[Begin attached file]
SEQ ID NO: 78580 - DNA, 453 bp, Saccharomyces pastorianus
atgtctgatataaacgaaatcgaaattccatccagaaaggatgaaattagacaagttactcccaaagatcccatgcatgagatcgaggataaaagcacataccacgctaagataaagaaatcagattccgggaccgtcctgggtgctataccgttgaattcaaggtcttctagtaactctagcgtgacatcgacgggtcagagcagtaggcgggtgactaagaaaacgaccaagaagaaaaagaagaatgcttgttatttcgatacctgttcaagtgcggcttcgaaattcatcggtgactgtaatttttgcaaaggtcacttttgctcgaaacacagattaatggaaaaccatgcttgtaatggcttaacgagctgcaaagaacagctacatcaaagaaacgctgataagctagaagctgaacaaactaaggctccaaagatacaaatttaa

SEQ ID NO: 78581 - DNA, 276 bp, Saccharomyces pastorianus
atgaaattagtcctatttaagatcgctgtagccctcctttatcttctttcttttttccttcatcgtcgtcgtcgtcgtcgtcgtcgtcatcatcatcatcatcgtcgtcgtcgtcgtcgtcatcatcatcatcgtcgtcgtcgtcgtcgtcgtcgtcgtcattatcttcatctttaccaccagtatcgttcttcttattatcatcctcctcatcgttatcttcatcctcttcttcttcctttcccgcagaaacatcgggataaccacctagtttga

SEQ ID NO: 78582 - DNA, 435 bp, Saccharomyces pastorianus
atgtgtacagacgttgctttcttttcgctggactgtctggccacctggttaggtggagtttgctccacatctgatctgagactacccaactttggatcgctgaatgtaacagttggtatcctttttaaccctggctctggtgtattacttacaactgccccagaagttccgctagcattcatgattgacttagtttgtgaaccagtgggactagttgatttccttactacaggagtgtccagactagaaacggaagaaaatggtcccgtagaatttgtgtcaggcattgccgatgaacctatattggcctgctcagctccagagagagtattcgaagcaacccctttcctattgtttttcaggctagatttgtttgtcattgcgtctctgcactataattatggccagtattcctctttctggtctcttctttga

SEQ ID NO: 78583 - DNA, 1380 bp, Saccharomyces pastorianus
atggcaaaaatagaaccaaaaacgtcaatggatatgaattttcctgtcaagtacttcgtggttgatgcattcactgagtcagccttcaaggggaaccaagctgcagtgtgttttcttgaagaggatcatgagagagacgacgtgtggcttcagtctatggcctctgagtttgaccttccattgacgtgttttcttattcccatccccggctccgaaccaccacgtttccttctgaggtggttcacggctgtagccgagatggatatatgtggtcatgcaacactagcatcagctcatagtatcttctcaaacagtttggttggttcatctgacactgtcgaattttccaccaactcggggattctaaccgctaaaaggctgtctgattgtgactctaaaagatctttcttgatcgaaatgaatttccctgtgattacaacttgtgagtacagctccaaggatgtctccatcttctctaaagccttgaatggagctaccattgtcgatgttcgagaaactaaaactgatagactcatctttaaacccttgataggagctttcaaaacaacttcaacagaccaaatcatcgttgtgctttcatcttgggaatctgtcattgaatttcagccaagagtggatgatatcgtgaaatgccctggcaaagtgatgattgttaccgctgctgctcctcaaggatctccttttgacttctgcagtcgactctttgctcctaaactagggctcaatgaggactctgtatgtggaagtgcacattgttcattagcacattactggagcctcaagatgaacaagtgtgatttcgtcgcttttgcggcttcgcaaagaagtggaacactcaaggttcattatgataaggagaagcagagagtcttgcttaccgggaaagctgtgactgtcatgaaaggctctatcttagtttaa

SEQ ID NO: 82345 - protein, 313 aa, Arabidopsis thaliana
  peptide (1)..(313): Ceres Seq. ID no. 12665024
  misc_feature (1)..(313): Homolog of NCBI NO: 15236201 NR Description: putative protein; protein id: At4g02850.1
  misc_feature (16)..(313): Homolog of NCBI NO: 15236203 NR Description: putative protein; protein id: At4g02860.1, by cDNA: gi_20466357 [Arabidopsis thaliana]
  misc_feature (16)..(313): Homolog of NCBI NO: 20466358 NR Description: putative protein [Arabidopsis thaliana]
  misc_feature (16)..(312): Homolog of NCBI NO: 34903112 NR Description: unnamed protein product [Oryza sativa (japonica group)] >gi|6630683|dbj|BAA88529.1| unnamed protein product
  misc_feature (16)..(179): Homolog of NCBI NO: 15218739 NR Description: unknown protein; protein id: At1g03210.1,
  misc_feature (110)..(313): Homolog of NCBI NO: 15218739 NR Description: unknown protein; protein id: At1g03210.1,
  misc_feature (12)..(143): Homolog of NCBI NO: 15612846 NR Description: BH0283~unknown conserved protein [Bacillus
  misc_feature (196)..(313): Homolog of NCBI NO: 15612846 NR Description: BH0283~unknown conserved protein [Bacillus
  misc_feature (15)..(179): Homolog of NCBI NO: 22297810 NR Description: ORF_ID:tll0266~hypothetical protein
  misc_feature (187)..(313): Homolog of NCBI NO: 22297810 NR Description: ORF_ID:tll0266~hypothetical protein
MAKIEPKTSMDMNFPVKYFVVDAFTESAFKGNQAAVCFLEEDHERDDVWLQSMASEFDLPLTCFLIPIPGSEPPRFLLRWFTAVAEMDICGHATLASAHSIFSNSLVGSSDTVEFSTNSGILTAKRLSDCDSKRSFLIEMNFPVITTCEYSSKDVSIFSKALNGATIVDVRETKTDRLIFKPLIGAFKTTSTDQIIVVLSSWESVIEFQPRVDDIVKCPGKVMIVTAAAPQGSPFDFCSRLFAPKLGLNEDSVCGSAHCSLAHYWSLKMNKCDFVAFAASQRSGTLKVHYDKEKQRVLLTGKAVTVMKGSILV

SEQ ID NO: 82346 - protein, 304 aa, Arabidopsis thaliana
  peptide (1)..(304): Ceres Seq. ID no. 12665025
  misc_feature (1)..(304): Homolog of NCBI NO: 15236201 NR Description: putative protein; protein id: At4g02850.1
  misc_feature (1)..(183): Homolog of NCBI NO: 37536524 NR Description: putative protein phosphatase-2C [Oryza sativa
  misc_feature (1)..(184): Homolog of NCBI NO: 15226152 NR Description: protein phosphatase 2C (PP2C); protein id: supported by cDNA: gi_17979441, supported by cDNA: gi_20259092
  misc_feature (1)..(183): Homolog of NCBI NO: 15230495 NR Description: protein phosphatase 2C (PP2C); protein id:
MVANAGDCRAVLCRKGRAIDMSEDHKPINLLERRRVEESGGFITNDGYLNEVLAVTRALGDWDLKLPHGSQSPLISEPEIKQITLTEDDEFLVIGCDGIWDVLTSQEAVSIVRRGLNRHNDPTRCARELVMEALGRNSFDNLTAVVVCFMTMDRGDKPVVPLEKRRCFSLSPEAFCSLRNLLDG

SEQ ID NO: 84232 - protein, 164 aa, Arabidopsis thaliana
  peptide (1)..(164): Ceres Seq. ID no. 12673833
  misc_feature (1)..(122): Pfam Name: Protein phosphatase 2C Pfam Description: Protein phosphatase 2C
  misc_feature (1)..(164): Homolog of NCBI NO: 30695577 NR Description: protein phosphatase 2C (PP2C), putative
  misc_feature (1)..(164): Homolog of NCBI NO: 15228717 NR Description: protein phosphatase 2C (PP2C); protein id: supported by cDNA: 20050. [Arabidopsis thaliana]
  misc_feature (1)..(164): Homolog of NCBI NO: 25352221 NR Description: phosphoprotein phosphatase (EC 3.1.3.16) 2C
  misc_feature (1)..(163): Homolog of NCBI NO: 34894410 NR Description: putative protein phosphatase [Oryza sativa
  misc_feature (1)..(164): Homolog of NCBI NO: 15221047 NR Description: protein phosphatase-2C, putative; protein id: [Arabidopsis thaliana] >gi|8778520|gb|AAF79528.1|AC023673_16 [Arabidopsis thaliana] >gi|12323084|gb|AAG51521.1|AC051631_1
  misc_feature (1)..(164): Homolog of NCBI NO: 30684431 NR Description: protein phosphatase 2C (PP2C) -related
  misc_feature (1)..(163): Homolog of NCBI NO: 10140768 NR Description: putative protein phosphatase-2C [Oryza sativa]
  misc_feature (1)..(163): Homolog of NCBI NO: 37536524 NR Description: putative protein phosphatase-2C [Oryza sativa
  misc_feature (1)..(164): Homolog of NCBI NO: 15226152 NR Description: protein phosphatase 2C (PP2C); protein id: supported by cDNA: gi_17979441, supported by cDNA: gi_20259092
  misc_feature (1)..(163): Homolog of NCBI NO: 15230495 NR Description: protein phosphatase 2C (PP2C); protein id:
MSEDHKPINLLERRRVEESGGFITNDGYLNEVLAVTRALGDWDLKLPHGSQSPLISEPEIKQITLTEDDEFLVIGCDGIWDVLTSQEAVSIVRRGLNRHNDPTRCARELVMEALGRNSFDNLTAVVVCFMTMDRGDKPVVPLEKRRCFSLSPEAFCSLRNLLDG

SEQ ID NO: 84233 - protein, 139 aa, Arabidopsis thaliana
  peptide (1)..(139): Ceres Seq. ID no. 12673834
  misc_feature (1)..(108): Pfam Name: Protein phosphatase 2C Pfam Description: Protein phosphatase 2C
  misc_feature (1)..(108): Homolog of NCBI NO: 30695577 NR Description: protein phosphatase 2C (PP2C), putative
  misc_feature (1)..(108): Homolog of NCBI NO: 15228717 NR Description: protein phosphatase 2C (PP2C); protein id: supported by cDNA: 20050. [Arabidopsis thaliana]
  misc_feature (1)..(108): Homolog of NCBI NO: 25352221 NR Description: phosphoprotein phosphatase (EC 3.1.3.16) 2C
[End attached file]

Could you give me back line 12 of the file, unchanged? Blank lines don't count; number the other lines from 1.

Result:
  misc_feature (16)..(313): Homolog of NCBI NO: 15236203 NR Description: putative protein; protein id: At4g02860.1, by cDNA: gi_20466357 [Arabidopsis thaliana]